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Most deserving players have little chance at Heisman

Stanford's Toby Gerhart, Boise State's Kellen Moore and Cincinnati's Mardy Gilyard should all receive consideration -- but won't.

December 06, 2009|By Mike Hiserman
  • Stanford running back Toby Gerhart greets a fan after the Cardinal defeated Notre Dame last month.
Stanford running back Toby Gerhart greets a fan after the Cardinal defeated… (Ezra Shaw / Getty Images )

The player most worthy of winning the Heisman Trophy?

That would be Toby Gerhart of Stanford.

The player who will win the Heisman?

That's a lot tougher call.

Only one of the three other players who could win it had a star-quality game Saturday. Mark Ingram of Alabama rushed for 113 yards and three touchdowns in 28 carries as the Crimson Tide routed top-ranked Florida.

Meanwhile, Florida's Tim Tebow, even with 247 yards passing and 63 yards running, could put only 13 points on the board. And Texas and quarterback Colt McCoy struggled mightily against the best player on the field -- Nebraska defensive tackle Ndamukong Suh.

Gerhart and Stanford didn't play, which didn't help his candidacy. What's the saying? Out of sight, out of mind.

But consider this: In that great game Ingram had Saturday, the numbers he put up were similar to those from one of Gerhart's worst performances, when he averaged a season-low 4.4 yards a carry against Arizona.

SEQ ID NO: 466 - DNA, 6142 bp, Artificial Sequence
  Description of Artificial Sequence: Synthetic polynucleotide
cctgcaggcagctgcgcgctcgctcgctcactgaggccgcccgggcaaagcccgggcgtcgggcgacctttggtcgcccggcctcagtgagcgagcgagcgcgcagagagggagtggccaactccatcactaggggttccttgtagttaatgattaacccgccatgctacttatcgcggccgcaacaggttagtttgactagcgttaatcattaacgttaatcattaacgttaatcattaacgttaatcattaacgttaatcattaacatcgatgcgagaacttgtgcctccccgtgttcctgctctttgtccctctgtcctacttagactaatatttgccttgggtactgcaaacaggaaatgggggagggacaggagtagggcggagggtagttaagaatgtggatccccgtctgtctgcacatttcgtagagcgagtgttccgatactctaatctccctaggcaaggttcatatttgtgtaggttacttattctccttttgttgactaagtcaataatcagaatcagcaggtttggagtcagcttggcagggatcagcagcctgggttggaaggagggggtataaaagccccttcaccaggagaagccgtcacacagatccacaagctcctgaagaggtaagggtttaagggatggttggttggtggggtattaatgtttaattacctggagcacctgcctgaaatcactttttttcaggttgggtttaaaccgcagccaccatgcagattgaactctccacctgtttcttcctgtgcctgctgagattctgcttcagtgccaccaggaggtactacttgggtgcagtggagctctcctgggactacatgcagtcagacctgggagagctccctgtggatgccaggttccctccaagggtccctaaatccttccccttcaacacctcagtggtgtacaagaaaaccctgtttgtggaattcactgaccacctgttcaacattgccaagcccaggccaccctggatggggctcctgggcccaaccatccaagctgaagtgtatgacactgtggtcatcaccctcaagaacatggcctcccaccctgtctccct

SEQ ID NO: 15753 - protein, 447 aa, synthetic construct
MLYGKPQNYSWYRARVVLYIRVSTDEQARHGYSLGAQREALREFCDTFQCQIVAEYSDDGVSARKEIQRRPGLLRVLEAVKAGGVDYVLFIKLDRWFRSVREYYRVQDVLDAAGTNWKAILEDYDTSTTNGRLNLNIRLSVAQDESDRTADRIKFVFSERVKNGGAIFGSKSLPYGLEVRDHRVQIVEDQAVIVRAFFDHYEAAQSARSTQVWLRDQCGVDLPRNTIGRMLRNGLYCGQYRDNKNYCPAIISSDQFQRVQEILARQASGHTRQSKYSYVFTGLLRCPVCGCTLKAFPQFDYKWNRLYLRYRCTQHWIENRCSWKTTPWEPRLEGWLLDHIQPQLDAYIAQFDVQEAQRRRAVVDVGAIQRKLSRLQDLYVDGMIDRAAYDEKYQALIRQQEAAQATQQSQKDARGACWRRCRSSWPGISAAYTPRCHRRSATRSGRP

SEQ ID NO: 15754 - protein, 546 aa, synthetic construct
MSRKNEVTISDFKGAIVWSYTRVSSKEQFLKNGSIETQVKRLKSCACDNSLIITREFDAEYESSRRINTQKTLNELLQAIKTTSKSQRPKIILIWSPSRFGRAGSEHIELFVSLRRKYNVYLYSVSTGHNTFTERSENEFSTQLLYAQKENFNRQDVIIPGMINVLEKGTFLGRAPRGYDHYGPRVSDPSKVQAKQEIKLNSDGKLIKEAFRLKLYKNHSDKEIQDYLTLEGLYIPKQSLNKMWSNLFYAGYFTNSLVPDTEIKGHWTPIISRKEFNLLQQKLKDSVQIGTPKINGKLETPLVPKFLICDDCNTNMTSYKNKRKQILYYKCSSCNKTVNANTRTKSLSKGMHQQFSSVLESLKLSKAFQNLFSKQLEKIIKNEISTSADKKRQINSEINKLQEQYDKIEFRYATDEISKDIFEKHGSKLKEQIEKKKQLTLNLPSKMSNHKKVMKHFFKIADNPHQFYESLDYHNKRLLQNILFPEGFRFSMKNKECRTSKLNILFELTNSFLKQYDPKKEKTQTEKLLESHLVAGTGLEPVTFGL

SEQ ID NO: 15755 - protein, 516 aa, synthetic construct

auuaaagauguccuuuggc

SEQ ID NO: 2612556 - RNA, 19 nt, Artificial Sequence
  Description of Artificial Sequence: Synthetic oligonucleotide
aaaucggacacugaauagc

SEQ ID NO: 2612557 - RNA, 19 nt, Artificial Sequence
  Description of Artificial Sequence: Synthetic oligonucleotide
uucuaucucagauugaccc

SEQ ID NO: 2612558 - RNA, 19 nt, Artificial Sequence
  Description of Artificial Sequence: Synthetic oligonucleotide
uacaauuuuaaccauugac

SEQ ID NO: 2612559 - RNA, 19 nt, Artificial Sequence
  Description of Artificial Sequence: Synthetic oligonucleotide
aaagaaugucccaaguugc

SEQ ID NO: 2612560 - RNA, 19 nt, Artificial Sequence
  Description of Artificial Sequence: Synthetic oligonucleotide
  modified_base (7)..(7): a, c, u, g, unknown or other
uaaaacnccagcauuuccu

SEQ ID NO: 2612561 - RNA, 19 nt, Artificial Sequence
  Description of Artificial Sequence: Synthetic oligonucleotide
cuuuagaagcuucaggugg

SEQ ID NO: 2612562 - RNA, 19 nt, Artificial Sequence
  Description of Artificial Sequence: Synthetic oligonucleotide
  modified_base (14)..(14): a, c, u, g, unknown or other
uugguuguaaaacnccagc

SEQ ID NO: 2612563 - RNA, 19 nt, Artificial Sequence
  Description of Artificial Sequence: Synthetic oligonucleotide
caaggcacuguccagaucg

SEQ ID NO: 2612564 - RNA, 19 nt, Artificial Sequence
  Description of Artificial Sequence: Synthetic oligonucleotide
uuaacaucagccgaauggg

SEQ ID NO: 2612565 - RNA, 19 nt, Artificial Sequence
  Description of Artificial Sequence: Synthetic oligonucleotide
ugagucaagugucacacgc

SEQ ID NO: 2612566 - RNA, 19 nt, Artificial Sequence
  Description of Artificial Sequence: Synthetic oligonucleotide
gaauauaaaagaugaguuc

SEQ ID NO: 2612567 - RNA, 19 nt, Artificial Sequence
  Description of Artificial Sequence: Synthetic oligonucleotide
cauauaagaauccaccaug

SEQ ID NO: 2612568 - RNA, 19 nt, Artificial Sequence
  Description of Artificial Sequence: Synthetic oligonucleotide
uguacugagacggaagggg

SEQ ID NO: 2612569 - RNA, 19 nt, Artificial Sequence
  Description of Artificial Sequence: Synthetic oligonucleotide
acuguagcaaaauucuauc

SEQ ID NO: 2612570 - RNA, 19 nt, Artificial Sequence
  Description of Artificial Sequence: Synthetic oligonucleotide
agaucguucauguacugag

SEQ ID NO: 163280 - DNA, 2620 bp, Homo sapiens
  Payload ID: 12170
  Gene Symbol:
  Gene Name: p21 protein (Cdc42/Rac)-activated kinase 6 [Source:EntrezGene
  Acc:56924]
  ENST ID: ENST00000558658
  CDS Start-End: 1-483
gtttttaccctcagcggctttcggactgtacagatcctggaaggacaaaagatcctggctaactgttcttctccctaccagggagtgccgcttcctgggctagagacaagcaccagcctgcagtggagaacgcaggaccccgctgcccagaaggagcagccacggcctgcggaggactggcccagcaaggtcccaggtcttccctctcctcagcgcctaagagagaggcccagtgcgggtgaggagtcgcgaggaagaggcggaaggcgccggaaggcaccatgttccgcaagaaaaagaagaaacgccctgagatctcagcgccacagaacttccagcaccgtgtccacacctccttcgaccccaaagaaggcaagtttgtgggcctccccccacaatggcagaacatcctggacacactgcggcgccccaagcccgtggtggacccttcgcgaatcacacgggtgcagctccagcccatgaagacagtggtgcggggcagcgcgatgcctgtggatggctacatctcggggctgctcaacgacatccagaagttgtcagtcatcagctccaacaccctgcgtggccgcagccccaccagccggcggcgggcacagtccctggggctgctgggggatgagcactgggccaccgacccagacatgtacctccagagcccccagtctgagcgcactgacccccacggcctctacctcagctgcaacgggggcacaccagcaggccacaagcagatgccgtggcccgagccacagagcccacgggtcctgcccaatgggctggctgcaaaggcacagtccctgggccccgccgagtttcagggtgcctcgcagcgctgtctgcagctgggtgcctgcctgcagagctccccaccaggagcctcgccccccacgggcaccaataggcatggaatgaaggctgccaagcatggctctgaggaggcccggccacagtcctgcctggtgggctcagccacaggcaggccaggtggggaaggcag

In that game, Gerhart carried 28 times for 123 yards and two touchdowns. In his other games, Mr. Consistent averaged between 4.6 and 7.4 yards a carry. Included were games of 200 yards rushing against Washington, 223 against Oregon, 178 against USC and 205 against Notre Dame.

Gerhart finished the regular season with 1,736 yards rushing and 26 touchdowns in 12 games. Playing one more game, Ingram ran for 1,542 yards and 15 touchdowns.

Two others who should receive serious consideration -- but won't -- are Boise State quarterback Kellen Moore and Cincinnati receiver/returner Mardy Gilyard.

Moore's team is undefeated and he completed 64.8% of his passes for 3,325 yards and 39 touchdowns with only three interceptions.

Gilyard averaged 203 yards a game receiving, running and returning kicks for his unbeaten team. He also played a huge part in Cincinnati's rallying from three touchdowns back to defeat Pittsburgh on Saturday for the Big East Conference title.

With the Bearcats trailing 31-10, he ran back a kickoff 99 yards for a touchdown -- his third return of a kick for a touchdown this season.

He also made a 68-yard pass reception for a touchdown in the third quarter and finished with five catches for 118 yards, seven kickoff returns for 256 yards and one punt return for seven yards.

mike.hiserman@latimes.com

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